The Pact of Steel (May 22, 1939)

The following pact of friendship and alliance was signed in Berlin. In one sense it represents the total commitment of Italy to Hitler and vice versa. It looks here as if Italy virtually conveys to Germany control of  a basic element of foreign policy, the decision on peace or war. The treaty  was based on the assumption that no war would take place for at least three years. This was necessary for  Italy in to build up supplies, as her involvement in the Spanish Civil War had used up most of her stockpiles. On the other hand when it became clear in August, 1939 that Hitler was bent on war with Poland, Italy protested her unreadiness and in the event did not immediately fulfill her obligations under the alliance.

His Majesty the King of Italy and Albania and Emperor of Ethiopia, and the Chancellor of the German Reich, hold that the moment has come to confirm with a solemn Pact the intimate ties of friendship and solidarity existing between Fascist Italy and National Socialist Germany....

Art. 1. The two Contracting Parties shall keep in permanent contact with each other for the purpose of agreeing on all questions regarding their common interests or the general European situation.

Art. 2. In the event the common interests of the two Contracting Parties were to be put in danger by international events of whatever nature, they shall without delay enter into consultation on the measures to be adopted for the safeguard of these interests.
In the event the safety or other vital interests of one of the Contracting Parties were threatened by an outside danger, the other Contracting Party shall give the menaced Party its full political and diplomatic support for the purpose of eliminating this threat.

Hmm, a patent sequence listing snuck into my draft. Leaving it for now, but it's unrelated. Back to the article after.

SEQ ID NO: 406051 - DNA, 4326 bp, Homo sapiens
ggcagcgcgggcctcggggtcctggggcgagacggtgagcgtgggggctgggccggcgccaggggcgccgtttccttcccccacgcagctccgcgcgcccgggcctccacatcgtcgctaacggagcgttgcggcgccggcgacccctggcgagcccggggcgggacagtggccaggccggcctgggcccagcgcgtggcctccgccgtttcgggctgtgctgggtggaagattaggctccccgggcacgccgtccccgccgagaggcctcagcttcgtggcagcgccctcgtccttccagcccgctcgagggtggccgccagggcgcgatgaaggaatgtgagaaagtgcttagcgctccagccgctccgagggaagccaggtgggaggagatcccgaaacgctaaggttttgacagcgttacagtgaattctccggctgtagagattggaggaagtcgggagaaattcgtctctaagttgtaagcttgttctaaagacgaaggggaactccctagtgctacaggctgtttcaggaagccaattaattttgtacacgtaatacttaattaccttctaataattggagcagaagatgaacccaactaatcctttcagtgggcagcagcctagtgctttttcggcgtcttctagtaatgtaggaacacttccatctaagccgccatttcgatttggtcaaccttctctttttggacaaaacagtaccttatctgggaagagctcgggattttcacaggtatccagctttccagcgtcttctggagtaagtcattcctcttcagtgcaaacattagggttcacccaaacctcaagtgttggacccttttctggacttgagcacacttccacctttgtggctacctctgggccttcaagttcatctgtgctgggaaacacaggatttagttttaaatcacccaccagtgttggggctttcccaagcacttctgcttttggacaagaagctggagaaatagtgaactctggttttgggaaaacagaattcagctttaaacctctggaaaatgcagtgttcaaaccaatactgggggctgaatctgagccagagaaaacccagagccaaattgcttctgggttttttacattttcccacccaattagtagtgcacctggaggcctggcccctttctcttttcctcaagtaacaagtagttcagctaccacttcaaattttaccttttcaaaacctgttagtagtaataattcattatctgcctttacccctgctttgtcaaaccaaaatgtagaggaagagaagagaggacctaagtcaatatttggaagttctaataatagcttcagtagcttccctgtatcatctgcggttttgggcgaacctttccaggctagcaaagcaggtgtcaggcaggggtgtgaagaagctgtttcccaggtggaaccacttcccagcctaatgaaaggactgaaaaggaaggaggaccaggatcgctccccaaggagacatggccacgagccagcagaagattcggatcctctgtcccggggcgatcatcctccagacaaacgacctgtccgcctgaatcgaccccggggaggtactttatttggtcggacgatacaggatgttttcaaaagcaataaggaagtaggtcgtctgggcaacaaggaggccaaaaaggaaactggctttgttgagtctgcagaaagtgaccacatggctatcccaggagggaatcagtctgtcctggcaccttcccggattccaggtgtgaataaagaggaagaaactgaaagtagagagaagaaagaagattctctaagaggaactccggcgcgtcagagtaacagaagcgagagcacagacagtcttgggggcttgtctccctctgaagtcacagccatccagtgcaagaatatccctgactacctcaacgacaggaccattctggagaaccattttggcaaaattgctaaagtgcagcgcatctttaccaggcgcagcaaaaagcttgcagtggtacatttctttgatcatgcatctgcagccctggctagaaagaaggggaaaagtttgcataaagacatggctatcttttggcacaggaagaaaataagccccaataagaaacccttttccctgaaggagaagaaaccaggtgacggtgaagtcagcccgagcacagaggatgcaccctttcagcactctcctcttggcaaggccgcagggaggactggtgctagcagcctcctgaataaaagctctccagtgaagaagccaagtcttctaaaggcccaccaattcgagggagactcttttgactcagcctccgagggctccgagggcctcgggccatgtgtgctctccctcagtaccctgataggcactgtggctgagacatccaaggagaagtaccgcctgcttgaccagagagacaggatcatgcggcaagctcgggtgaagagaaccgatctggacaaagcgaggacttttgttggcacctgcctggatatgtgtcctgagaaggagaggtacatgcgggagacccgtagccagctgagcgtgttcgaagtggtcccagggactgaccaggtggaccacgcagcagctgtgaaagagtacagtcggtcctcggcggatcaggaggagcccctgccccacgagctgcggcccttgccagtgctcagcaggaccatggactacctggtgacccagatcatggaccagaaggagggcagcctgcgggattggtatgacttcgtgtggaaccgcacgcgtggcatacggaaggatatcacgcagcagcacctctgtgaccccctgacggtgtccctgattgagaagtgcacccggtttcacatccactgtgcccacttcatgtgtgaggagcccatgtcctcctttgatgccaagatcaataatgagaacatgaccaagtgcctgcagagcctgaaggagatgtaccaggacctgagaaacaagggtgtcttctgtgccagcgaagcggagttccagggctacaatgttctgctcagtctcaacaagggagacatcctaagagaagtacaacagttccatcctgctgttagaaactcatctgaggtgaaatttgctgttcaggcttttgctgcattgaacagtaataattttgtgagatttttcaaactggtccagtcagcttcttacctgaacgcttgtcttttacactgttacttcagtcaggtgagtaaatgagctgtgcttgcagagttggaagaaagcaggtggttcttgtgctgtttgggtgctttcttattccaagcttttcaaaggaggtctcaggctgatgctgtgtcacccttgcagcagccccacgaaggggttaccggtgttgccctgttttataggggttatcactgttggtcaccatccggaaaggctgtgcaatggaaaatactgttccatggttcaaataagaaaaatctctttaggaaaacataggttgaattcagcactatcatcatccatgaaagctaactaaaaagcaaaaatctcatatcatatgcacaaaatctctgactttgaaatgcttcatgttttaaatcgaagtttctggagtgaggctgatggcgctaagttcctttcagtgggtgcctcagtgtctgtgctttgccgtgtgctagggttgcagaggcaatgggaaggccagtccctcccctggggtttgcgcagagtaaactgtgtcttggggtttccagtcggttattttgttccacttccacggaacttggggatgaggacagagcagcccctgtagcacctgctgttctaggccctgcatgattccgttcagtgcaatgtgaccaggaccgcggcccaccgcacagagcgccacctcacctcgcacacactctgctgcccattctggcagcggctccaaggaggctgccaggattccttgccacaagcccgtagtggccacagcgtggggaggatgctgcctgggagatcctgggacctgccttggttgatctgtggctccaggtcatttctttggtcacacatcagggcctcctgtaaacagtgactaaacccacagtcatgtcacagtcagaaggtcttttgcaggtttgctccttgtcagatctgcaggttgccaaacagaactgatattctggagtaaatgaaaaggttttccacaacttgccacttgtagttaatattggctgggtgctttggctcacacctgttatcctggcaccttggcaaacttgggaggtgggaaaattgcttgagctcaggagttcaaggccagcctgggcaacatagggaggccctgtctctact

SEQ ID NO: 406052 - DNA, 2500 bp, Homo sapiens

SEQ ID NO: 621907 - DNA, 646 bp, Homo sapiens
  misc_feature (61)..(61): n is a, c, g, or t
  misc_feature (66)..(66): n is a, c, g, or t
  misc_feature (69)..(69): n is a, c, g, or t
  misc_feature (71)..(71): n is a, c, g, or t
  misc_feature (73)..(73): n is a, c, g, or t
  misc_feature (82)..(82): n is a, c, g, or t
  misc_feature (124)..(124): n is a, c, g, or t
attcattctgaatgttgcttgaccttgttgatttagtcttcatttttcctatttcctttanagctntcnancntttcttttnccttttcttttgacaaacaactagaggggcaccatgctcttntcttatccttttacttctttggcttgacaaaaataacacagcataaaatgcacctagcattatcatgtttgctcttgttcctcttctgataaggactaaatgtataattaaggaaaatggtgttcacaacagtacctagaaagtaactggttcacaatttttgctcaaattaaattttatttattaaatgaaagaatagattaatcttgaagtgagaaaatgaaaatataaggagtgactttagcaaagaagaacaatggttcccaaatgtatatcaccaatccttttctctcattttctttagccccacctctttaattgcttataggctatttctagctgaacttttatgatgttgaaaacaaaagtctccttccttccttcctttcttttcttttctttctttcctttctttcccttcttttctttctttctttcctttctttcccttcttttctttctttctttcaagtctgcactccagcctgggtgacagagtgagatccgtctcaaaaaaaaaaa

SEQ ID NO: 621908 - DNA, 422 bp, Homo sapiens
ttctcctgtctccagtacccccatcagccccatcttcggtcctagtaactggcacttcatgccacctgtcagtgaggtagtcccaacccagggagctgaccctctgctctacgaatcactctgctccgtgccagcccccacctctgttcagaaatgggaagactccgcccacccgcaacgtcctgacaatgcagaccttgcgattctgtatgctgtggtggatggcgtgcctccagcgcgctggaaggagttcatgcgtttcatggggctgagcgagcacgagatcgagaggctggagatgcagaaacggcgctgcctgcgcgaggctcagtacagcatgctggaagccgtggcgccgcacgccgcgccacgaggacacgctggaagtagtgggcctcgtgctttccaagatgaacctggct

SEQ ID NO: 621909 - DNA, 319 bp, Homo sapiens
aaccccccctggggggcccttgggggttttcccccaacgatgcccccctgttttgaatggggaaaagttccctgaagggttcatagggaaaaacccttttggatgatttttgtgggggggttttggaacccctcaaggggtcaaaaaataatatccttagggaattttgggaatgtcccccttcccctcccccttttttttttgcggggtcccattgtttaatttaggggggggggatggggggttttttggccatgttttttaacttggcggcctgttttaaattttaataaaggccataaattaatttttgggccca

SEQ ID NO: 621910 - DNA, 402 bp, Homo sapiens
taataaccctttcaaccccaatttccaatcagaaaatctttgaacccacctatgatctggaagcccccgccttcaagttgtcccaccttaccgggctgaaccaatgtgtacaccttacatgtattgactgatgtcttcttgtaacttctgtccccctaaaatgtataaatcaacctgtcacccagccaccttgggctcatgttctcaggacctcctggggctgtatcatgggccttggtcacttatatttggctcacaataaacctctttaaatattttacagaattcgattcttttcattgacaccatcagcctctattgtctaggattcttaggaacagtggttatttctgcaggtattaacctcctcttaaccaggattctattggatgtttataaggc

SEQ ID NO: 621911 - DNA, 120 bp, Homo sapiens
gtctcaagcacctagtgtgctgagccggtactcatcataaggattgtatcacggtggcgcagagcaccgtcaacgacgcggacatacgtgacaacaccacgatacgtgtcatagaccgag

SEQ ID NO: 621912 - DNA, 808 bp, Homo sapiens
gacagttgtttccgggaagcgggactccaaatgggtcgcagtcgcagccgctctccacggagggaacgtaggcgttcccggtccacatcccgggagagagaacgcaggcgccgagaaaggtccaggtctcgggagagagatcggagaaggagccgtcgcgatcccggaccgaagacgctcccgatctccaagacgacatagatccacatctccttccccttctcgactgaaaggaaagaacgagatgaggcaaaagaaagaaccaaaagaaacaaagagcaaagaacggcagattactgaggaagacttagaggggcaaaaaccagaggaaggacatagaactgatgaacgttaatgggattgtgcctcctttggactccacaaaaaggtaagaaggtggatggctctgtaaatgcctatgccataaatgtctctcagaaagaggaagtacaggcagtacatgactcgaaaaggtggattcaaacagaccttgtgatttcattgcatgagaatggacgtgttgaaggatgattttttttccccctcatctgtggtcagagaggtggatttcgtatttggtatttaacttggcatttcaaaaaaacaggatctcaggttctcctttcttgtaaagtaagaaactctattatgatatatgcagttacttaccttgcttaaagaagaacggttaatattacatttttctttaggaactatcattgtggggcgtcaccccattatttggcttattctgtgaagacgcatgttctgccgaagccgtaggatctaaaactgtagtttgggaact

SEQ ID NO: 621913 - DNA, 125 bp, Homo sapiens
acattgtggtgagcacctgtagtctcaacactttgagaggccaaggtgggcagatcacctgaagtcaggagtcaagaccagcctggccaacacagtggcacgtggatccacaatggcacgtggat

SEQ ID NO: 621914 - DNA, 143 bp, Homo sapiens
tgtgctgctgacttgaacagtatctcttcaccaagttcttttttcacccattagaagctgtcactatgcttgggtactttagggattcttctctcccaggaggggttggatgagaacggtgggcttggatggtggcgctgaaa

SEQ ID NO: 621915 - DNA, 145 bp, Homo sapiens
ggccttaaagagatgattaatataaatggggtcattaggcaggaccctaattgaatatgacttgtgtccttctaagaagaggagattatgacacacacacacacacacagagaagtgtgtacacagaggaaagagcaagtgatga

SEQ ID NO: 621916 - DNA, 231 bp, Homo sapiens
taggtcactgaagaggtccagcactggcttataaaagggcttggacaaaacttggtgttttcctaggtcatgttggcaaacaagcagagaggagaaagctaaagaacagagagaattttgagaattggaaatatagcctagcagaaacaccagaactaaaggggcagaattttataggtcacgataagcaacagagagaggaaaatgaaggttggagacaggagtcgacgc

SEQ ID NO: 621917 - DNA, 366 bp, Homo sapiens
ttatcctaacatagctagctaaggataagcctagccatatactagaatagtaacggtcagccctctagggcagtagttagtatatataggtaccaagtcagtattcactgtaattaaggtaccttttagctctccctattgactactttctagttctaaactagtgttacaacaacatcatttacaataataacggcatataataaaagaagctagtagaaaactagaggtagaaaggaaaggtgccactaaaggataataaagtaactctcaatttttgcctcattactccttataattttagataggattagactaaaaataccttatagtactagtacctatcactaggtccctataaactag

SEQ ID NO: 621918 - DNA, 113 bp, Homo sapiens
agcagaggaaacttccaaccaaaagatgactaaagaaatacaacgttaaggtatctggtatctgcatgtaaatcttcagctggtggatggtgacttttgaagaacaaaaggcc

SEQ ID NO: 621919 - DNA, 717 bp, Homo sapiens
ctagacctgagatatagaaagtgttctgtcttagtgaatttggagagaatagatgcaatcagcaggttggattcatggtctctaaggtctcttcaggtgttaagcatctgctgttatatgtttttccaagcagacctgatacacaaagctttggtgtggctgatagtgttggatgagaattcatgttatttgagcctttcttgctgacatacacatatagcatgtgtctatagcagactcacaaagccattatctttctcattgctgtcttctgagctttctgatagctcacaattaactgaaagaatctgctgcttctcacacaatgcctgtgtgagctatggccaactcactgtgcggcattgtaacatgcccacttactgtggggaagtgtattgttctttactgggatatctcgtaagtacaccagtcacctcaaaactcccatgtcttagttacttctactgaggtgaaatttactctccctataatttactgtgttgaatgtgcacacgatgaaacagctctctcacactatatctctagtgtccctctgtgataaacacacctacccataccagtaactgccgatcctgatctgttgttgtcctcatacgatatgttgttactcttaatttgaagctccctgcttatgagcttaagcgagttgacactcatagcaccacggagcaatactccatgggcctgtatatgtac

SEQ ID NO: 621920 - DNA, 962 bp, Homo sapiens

Art. 3. If in spite of the desires and hopes of the two Contracting Parties it were to happen that one of them were to become involved in complications of war with one or more Powers, the other Contracting Party shall immediately come to its aid as ally and shall support it with all its military forces on land, on the seas, and in the air.

Art. 4. The governments of the two Contracting Parties shall increase ever more deeply their collaboration in the military field and in the field of war economy for the purpose of assuring, in the case provided for, the rapid application of the duties of alliance assumed in 
Article 3. Analogously, the two governments shall keep in permanent contact with each other for the adoption of other measures necessary to the practical application of the dispositions of the present Pact. For the purposes indicated in the above-mentioned two paragraphs, permanent Commissions shall be formed and placed under the direction of the respective Ministers of Foreign Affairs.

Art. 5. In the event of a war conducted in common the Contracting Parties are committed from this moment on not to conclude an armistice or peace without full agreement with each other.

Art. 6. The two Contracting Parties, conscious of the importance of their common relations with Powers friendly to them, are decided to maintain and to continue to develop these relations by common agreement and in harmony with the consonant relations that bind them with these Powers.

Art. 7. This Pact becomes operative immediately after its signature. The two Contracting Parties agree to fix the first period of its validity to ten years. Before the expiration of this term they shall come to an agreement at an opportune time regarding the extension of the validity of this Pact....

Signed: Galeazzo Ciano                                                                                                                   Joachim von Ribbentrop

Shepard B. Clough and Salvatore Saladino, A History of Modern Italy: Documents, Readings, and Commentary. New York: Columbia UJniversity Press, 1968, pp. 500-501.
 Back to Introduction  Back to Syllabus